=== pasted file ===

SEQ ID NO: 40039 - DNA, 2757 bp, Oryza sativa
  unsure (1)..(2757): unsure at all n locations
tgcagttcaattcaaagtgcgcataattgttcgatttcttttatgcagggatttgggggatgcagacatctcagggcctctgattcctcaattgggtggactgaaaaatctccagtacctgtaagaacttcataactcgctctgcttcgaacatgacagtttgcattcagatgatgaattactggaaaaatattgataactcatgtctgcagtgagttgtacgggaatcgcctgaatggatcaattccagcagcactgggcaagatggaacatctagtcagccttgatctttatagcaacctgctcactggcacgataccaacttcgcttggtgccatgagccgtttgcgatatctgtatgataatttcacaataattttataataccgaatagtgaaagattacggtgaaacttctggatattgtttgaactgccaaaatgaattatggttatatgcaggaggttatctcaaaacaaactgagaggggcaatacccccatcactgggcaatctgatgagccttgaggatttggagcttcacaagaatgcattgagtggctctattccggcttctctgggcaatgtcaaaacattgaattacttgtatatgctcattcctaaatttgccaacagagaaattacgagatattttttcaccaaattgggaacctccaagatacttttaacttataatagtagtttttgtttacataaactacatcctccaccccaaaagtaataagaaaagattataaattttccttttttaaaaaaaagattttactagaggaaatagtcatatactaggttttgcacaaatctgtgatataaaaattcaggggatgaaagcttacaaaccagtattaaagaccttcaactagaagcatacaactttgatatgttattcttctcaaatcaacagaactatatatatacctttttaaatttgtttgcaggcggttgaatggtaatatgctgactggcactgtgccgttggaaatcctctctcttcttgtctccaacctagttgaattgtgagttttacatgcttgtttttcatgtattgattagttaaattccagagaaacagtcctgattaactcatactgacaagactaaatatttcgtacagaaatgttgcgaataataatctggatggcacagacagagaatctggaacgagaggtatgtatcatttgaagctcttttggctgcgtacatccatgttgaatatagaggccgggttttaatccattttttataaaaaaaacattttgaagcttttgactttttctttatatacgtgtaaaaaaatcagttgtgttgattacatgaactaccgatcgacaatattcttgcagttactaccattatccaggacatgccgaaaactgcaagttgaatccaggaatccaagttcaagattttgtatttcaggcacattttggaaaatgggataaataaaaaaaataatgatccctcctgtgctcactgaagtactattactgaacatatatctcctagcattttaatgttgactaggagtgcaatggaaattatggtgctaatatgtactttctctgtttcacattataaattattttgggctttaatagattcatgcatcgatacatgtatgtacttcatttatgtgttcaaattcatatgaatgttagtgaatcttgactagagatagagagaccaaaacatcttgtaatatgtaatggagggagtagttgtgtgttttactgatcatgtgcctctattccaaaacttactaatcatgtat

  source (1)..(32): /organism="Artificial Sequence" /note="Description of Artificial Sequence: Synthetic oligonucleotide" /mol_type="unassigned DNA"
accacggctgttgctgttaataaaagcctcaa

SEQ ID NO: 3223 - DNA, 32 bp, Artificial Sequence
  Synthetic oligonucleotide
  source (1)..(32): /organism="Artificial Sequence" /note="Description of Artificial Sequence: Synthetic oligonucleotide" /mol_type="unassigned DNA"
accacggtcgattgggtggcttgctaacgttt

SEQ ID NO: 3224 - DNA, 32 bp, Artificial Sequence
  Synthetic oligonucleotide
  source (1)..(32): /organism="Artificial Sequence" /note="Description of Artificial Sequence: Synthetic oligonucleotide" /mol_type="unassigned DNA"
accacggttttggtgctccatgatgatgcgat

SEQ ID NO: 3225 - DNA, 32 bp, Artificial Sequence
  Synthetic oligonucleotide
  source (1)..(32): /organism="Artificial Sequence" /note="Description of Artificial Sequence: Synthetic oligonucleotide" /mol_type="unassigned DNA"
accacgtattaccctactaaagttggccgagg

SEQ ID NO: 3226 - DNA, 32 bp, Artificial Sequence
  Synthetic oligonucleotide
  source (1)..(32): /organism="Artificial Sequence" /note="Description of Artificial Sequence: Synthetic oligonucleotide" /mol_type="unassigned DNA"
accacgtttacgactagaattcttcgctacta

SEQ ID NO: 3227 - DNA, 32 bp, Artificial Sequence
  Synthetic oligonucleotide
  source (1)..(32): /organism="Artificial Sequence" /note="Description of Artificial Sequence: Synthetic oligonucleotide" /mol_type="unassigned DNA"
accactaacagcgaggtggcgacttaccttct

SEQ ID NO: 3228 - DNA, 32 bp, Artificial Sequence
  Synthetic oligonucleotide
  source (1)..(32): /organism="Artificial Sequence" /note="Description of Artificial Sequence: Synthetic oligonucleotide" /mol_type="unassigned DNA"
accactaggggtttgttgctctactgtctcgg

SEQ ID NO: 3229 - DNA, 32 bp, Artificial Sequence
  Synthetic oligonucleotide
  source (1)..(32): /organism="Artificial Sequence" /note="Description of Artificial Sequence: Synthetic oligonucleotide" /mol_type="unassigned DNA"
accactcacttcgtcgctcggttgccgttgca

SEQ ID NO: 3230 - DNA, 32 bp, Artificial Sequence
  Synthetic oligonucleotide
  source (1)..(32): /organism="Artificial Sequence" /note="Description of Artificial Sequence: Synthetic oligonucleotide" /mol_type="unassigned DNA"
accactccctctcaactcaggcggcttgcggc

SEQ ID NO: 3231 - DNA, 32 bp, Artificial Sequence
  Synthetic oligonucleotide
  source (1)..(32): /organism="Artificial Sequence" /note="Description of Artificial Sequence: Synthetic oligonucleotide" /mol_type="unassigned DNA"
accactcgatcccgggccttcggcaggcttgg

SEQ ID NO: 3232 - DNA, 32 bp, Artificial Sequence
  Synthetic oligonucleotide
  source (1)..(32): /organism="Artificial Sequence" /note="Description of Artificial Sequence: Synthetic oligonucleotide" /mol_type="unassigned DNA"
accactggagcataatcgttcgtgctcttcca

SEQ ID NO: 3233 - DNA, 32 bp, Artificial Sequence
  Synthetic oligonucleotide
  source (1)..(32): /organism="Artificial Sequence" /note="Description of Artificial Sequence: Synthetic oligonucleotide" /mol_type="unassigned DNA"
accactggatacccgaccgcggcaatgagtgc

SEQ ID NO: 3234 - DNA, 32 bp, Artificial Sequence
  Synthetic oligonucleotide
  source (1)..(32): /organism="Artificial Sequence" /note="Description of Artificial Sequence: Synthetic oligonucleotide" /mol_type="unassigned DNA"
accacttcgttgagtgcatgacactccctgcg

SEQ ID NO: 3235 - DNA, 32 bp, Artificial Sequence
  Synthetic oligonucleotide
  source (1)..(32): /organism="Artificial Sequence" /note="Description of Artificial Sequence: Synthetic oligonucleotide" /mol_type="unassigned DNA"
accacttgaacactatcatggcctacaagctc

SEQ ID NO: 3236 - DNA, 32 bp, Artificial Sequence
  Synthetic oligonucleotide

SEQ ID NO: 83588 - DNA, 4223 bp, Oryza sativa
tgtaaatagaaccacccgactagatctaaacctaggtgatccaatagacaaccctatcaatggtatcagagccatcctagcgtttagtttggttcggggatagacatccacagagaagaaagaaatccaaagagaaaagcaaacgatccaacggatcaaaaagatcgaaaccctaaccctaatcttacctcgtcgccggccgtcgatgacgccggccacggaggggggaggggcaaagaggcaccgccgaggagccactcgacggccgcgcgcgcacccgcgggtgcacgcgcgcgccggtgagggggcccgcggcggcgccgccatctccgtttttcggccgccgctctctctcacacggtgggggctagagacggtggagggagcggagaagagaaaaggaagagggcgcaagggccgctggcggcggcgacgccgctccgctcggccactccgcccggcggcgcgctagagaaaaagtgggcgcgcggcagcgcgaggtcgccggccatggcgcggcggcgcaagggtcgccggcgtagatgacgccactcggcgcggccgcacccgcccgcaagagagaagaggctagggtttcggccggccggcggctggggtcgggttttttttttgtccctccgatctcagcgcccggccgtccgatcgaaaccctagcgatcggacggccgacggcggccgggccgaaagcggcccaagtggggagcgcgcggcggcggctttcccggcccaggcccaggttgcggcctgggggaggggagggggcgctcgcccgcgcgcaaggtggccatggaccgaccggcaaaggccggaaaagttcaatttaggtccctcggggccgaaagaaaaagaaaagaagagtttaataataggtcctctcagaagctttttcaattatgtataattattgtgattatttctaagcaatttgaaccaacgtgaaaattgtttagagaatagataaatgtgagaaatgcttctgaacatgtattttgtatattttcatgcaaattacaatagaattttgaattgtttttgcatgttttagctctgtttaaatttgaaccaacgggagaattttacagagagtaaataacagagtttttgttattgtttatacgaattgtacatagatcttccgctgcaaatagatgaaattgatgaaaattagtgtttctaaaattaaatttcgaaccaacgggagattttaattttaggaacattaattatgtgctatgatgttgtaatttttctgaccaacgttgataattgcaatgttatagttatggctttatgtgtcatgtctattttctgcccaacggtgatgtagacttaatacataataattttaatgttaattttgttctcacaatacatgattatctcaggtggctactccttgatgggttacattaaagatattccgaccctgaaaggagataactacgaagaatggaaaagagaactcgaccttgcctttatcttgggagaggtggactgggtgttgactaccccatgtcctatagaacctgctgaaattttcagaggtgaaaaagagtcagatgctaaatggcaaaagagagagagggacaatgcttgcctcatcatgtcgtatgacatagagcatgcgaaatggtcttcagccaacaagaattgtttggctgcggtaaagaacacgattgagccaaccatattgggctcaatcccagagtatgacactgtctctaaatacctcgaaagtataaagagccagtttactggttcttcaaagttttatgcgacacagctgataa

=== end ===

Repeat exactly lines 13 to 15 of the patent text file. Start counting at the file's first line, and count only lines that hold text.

accacggttttggtgctccatgatgatgcgat

SEQ ID NO: 3225 - DNA, 32 bp, Artificial Sequence
  Synthetic oligonucleotide